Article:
The British were primarily concerned with the strategic Cape Colony and were content to accept two neighboring states, until in 1869 large gold deposits were found in Kimberley, which led to a huge gold rush. Thousands of people all over the world, but naturally many British people from the Cape Colonies and Natal left for the Hinterlands10, seeking for wealth and fortune, and invading Boer territory. Non-Boers were referred to as uitlanders, which indicates the controversial attitude towards them. Soon, the uitlanders outnumbered the Boers at the Rand (Johannesburg), but stayed a minority in the Transvaal as a whole. The Boer, led by their anti-British minded president Paulus Kruger (1883-1904), felt (again) threatened by the British and refused the equality under public law, like the right to vote, higher taxation for uitlanders and so forth. This attitude gave the British government the possibility to lobby for the uitlanders, especially the British prospectors and business men, and prepare the restriction of the independent Boer states.11

2.1 Outbreak of the conflict - First Boer War

From December 16th 1880 to March 23rd 1881 the First Boer War, also known as the Transvaal War, was fought between the British Empire and the Boers, even though it was more of an uprising than a war.

Before the first outbreak of the Anglo-Boer conflict, one has to acknowledge that there have been constant latent conflicts12 between the two parties ever since the supremacy of the British in the Cape Colony and the Great Trek. During the 1870s the British took control over most of the South African colonies. Sir Theophilus Shepstone annexed the South African Republic13 on behalf of the British Empire in 1877, during the probably greatest diamond rush known to mankind. The Boers protested and formally declared their independence from Great Britain in December 1880. On December 16th 1880 the first shots were fired by Transvaal Boers at Potchefstoom, followed by the action at Bronkhorstspruit two day later, where the Boers ambushed and destroyed an army convoy. Another two days later, Boer troops besieged various British army garrisons all over the Transvaal. This siege lasted until January 6th 1881 and led to the Battle of Laing’s Nek on January 28th 1881. Cause of this battle was the attempt of freeing the besieged garrisons under Major-General Sir George Pomeroy Colley. But the attempt was repulsed by the Boers under the command of P.J. Joubert. Various battles - like the Battle of Schinshoogte14 and Majuba Hill15 - followed, which were all dominated by the Boers. The Boers had a home field advantage16 due to the fact that they acclimatized already with the climate and the landscape and adjusted their warfare to it.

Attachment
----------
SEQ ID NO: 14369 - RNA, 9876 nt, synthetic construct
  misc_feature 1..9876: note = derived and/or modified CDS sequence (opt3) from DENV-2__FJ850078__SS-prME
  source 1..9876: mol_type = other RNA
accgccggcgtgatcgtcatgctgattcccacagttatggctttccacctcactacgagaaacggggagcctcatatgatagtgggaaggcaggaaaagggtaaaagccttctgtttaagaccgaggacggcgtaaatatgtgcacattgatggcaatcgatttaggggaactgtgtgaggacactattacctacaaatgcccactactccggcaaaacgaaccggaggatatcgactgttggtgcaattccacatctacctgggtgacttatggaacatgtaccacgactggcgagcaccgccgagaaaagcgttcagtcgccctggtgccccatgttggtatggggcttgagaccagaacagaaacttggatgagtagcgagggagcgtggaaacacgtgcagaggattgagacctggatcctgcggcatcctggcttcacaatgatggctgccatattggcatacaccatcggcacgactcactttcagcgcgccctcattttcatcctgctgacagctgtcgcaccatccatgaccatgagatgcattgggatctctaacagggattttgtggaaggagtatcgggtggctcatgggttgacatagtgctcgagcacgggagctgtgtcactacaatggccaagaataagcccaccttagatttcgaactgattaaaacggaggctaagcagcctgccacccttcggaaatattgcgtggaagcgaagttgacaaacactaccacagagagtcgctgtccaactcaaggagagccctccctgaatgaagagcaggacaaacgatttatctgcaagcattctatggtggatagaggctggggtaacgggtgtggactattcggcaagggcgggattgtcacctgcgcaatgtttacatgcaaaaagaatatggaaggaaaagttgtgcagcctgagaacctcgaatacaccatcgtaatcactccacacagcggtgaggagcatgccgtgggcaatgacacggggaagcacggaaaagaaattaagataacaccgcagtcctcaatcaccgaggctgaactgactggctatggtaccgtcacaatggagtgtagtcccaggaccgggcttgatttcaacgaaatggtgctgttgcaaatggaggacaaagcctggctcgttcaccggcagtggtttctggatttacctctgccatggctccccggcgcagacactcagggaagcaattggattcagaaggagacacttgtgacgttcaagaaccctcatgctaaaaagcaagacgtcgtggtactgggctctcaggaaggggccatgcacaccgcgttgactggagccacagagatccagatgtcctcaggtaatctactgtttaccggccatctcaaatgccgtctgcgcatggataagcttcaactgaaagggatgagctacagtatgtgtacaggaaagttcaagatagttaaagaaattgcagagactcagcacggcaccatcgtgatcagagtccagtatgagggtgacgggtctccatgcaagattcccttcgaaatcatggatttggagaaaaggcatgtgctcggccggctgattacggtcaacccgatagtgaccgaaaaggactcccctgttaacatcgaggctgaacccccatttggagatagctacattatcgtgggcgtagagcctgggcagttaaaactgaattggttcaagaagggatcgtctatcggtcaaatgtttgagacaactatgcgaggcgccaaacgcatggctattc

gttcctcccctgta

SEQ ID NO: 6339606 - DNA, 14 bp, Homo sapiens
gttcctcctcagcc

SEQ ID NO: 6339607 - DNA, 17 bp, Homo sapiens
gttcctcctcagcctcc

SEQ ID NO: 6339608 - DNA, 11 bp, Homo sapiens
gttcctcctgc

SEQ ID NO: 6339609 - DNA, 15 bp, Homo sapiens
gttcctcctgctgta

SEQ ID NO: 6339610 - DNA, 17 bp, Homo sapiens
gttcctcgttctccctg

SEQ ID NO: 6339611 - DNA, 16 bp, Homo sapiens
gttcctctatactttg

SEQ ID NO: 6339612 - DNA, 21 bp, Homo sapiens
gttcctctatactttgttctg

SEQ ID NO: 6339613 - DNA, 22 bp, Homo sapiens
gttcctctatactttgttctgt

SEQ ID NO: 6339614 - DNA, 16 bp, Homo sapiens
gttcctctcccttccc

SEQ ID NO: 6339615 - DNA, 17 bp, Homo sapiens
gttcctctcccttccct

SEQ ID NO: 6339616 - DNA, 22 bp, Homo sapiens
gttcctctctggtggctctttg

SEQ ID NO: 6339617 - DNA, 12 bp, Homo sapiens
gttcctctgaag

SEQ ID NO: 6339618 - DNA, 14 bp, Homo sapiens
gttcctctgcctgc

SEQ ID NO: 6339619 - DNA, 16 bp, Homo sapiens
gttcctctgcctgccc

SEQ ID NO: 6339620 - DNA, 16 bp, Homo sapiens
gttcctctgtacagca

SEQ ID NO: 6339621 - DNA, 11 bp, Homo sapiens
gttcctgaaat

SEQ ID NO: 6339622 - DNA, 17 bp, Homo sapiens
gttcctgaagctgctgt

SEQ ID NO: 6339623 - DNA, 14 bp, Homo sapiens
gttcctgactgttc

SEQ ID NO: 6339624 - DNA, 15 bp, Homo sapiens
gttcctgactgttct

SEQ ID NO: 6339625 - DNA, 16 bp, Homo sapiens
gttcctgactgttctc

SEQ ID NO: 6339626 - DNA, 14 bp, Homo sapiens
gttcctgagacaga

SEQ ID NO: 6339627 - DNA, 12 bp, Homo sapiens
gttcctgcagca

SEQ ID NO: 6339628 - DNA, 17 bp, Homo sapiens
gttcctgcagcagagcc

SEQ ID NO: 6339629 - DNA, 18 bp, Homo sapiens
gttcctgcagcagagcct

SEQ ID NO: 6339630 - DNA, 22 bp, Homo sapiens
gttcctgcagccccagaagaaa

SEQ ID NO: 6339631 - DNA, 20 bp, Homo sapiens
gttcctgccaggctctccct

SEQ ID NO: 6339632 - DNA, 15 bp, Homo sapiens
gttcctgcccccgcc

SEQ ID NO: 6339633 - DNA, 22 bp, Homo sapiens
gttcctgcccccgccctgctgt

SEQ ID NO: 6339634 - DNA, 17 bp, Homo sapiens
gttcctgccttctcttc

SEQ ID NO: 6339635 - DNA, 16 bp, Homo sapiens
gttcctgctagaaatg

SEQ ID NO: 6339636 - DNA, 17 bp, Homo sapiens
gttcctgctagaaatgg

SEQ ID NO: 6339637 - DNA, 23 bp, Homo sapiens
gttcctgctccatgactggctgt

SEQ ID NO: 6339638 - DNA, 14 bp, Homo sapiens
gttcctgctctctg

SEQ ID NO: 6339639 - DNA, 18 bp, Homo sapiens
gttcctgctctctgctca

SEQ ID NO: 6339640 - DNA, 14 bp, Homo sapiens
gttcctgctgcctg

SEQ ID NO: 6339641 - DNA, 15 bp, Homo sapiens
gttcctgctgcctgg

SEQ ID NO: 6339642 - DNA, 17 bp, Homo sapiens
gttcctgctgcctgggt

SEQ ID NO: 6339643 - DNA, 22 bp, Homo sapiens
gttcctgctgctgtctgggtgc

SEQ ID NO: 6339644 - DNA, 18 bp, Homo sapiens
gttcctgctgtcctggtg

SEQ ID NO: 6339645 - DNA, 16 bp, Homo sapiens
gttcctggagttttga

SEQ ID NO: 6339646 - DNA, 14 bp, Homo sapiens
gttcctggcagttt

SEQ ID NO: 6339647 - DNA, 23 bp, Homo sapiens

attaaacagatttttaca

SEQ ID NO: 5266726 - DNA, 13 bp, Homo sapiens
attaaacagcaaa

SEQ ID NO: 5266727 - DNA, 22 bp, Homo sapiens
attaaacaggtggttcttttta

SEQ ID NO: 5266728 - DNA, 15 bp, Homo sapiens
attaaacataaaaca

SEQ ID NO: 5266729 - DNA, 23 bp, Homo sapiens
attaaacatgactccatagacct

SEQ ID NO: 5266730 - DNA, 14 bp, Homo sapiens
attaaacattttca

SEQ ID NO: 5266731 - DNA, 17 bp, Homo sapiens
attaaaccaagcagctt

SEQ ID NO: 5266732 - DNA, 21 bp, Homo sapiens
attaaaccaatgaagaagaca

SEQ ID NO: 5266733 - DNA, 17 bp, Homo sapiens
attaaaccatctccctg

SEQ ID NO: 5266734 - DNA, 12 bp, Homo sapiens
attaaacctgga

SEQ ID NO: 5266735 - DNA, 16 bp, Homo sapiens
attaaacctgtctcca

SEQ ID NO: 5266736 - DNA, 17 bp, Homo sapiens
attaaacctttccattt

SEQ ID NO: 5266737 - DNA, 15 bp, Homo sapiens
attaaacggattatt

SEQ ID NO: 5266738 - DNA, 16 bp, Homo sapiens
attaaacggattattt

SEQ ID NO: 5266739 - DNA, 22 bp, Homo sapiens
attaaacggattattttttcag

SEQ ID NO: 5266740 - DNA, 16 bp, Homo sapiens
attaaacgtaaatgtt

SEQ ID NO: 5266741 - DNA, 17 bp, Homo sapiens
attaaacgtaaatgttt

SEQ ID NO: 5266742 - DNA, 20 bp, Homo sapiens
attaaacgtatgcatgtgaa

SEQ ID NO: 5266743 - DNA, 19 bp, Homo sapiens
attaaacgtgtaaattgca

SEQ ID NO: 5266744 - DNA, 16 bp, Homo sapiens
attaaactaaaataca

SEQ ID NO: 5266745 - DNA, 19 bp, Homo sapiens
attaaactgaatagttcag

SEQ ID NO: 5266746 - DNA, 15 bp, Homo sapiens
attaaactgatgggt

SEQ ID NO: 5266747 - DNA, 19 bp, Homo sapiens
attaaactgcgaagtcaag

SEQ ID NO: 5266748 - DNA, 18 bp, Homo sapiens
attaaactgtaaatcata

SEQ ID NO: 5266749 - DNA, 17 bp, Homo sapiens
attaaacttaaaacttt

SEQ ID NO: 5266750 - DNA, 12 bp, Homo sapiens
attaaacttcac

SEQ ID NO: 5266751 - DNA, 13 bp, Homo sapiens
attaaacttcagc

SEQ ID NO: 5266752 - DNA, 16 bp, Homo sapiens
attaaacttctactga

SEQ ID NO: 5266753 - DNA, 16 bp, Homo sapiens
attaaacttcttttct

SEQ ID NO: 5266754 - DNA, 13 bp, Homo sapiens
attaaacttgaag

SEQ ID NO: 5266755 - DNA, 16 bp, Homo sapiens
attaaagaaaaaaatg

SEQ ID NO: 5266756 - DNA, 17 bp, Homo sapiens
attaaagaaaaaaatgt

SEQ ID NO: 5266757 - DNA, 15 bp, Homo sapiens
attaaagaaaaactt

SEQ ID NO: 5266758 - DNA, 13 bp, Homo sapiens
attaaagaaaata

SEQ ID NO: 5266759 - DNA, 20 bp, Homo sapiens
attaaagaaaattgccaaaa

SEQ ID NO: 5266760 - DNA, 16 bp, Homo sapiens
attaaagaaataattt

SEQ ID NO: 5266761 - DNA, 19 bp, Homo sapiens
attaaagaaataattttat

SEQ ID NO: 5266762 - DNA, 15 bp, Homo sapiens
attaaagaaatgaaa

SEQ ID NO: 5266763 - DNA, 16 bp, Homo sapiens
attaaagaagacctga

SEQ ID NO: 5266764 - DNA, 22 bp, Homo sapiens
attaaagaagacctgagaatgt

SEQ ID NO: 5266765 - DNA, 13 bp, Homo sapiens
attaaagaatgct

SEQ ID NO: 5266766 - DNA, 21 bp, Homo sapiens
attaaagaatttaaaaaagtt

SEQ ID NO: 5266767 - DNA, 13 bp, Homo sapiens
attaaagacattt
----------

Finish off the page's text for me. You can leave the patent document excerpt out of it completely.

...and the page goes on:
The humiliated British army was unwilling to continue the war and therefore a truce was signed on March 6th by British Prime Minister William Gladstone. The final peace treaty was signed on March 23rd 1881, leaving the Boers with a de facto self-government under the de jure supremacy of Great Britain.17

2.2 Causes of the South African War

Was the cause of the South African War British self-defense to capitalist-driven expansion? Or was it an interaction between capitalist forces and local actors at the periphery?

The lobbying for the uitlanders covered the British intentions of seeking control of the treasures of the soil and fulfilling the Cape-Cairo-plan of the supremacy over Africa from the Cape to Cairo. Therefore, several key British colonial leaders, like Cape Colony governor Sir Alfred Milner, Colonial Secretary Joseph Chamberlain and mining syndicate owners18 Alfred Beit, Barney Barnato and Lionel Phillips favored annexation of the Boer republics.